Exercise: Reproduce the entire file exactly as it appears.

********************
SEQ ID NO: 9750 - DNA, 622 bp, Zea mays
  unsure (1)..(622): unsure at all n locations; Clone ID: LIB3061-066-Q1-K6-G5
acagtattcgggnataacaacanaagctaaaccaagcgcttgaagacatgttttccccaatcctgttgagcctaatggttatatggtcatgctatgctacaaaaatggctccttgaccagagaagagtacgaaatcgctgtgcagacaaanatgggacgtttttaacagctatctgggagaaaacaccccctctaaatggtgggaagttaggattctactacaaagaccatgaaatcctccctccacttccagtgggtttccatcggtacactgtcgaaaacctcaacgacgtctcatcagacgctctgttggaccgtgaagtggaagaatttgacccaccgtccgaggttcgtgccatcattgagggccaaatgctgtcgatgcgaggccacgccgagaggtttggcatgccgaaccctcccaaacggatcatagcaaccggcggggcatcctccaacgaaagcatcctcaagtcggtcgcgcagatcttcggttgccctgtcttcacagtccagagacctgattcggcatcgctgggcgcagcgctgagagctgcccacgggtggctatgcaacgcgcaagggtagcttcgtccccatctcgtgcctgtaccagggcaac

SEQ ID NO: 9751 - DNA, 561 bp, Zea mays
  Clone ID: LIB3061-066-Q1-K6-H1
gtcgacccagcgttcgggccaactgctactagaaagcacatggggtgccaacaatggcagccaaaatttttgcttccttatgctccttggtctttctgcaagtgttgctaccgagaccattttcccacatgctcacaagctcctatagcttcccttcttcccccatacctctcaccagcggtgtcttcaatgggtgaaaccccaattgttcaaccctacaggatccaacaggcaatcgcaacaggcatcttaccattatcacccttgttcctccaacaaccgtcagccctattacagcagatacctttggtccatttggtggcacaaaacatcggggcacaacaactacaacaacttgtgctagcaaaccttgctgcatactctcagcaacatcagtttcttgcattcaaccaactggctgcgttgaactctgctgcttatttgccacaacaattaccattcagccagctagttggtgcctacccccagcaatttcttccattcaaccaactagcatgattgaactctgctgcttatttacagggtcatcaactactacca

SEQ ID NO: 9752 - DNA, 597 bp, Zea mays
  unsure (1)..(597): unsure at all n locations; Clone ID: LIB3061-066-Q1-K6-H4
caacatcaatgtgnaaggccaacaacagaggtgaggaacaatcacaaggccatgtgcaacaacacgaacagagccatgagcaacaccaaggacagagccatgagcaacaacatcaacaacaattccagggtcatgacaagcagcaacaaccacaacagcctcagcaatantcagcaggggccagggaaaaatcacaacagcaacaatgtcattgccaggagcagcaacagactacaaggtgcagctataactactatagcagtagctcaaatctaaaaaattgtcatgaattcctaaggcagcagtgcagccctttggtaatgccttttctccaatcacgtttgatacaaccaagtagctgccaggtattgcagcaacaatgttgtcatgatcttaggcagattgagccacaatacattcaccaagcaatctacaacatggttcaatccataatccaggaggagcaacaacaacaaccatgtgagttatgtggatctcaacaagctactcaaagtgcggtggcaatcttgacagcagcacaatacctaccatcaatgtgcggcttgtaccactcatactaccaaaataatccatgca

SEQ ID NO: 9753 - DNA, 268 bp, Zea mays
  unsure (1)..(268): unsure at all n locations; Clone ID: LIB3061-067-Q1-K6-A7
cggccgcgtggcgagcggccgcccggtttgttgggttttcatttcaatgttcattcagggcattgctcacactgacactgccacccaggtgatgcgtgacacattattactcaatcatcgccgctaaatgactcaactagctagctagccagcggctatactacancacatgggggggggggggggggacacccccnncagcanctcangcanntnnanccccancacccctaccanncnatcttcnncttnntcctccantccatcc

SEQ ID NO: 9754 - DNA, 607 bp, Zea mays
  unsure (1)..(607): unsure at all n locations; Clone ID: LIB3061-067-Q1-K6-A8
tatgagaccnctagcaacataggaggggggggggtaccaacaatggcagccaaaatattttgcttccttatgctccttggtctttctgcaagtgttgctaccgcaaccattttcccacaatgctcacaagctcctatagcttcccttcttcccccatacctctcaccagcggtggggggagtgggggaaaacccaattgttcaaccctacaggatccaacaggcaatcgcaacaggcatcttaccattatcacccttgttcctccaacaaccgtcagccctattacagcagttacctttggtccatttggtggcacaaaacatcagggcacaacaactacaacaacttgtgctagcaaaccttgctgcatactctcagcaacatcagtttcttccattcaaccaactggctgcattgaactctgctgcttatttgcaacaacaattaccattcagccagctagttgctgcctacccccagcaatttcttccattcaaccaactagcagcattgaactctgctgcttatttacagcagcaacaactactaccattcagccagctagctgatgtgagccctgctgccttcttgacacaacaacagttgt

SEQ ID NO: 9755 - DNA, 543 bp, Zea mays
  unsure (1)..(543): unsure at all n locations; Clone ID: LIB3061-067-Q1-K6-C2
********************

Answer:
SEQ ID NO: 9750 - DNA, 622 bp, Zea mays
  unsure (1)..(622): unsure at all n locations; Clone ID: LIB3061-066-Q1-K6-G5
acagtattcgggnataacaacanaagctaaaccaagcgcttgaagacatgttttccccaatcctgttgagcctaatggttatatggtcatgctatgctacaaaaatggctccttgaccagagaagagtacgaaatcgctgtgcagacaaanatgggacgtttttaacagctatctgggagaaaacaccccctctaaatggtgggaagttaggattctactacaaagaccatgaaatcctccctccacttccagtgggtttccatcggtacactgtcgaaaacctcaacgacgtctcatcagacgctctgttggaccgtgaagtggaagaatttgacccaccgtccgaggttcgtgccatcattgagggccaaatgctgtcgatgcgaggccacgccgagaggtttggcatgccgaaccctcccaaacggatcatagcaaccggcggggcatcctccaacgaaagcatcctcaagtcggtcgcgcagatcttcggttgccctgtcttcacagtccagagacctgattcggcatcgctgggcgcagcgctgagagctgcccacgggtggctatgcaacgcgcaagggtagcttcgtccccatctcgtgcctgtaccagggcaac

SEQ ID NO: 9751 - DNA, 561 bp, Zea mays
  Clone ID: LIB3061-066-Q1-K6-H1
gtcgacccagcgttcgggccaactgctactagaaagcacatggggtgccaacaatggcagccaaaatttttgcttccttatgctccttggtctttctgcaagtgttgctaccgagaccattttcccacatgctcacaagctcctatagcttcccttcttcccccatacctctcaccagcggtgtcttcaatgggtgaaaccccaattgttcaaccctacaggatccaacaggcaatcgcaacaggcatcttaccattatcacccttgttcctccaacaaccgtcagccctattacagcagatacctttggtccatttggtggcacaaaacatcggggcacaacaactacaacaacttgtgctagcaaaccttgctgcatactctcagcaacatcagtttcttgcattcaaccaactggctgcgttgaactctgctgcttatttgccacaacaattaccattcagccagctagttggtgcctacccccagcaatttcttccattcaaccaactagcatgattgaactctgctgcttatttacagggtcatcaactactacca

SEQ ID NO: 9752 - DNA, 597 bp, Zea mays
  unsure (1)..(597): unsure at all n locations; Clone ID: LIB3061-066-Q1-K6-H4
caacatcaatgtgnaaggccaacaacagaggtgaggaacaatcacaaggccatgtgcaacaacacgaacagagccatgagcaacaccaaggacagagccatgagcaacaacatcaacaacaattccagggtcatgacaagcagcaacaaccacaacagcctcagcaatantcagcaggggccagggaaaaatcacaacagcaacaatgtcattgccaggagcagcaacagactacaaggtgcagctataactactatagcagtagctcaaatctaaaaaattgtcatgaattcctaaggcagcagtgcagccctttggtaatgccttttctccaatcacgtttgatacaaccaagtagctgccaggtattgcagcaacaatgttgtcatgatcttaggcagattgagccacaatacattcaccaagcaatctacaacatggttcaatccataatccaggaggagcaacaacaacaaccatgtgagttatgtggatctcaacaagctactcaaagtgcggtggcaatcttgacagcagcacaatacctaccatcaatgtgcggcttgtaccactcatactaccaaaataatccatgca

SEQ ID NO: 9753 - DNA, 268 bp, Zea mays
  unsure (1)..(268): unsure at all n locations; Clone ID: LIB3061-067-Q1-K6-A7
cggccgcgtggcgagcggccgcccggtttgttgggttttcatttcaatgttcattcagggcattgctcacactgacactgccacccaggtgatgcgtgacacattattactcaatcatcgccgctaaatgactcaactagctagctagccagcggctatactacancacatgggggggggggggggggacacccccnncagcanctcangcanntnnanccccancacccctaccanncnatcttcnncttnntcctccantccatcc

SEQ ID NO: 9754 - DNA, 607 bp, Zea mays
  unsure (1)..(607): unsure at all n locations; Clone ID: LIB3061-067-Q1-K6-A8
tatgagaccnctagcaacataggaggggggggggtaccaacaatggcagccaaaatattttgcttccttatgctccttggtctttctgcaagtgttgctaccgcaaccattttcccacaatgctcacaagctcctatagcttcccttcttcccccatacctctcaccagcggtggggggagtgggggaaaacccaattgttcaaccctacaggatccaacaggcaatcgcaacaggcatcttaccattatcacccttgttcctccaacaaccgtcagccctattacagcagttacctttggtccatttggtggcacaaaacatcagggcacaacaactacaacaacttgtgctagcaaaccttgctgcatactctcagcaacatcagtttcttccattcaaccaactggctgcattgaactctgctgcttatttgcaacaacaattaccattcagccagctagttgctgcctacccccagcaatttcttccattcaaccaactagcagcattgaactctgctgcttatttacagcagcaacaactactaccattcagccagctagctgatgtgagccctgctgccttcttgacacaacaacagttgt

SEQ ID NO: 9755 - DNA, 543 bp, Zea mays
  unsure (1)..(543): unsure at all n locations; Clone ID: LIB3061-067-Q1-K6-C2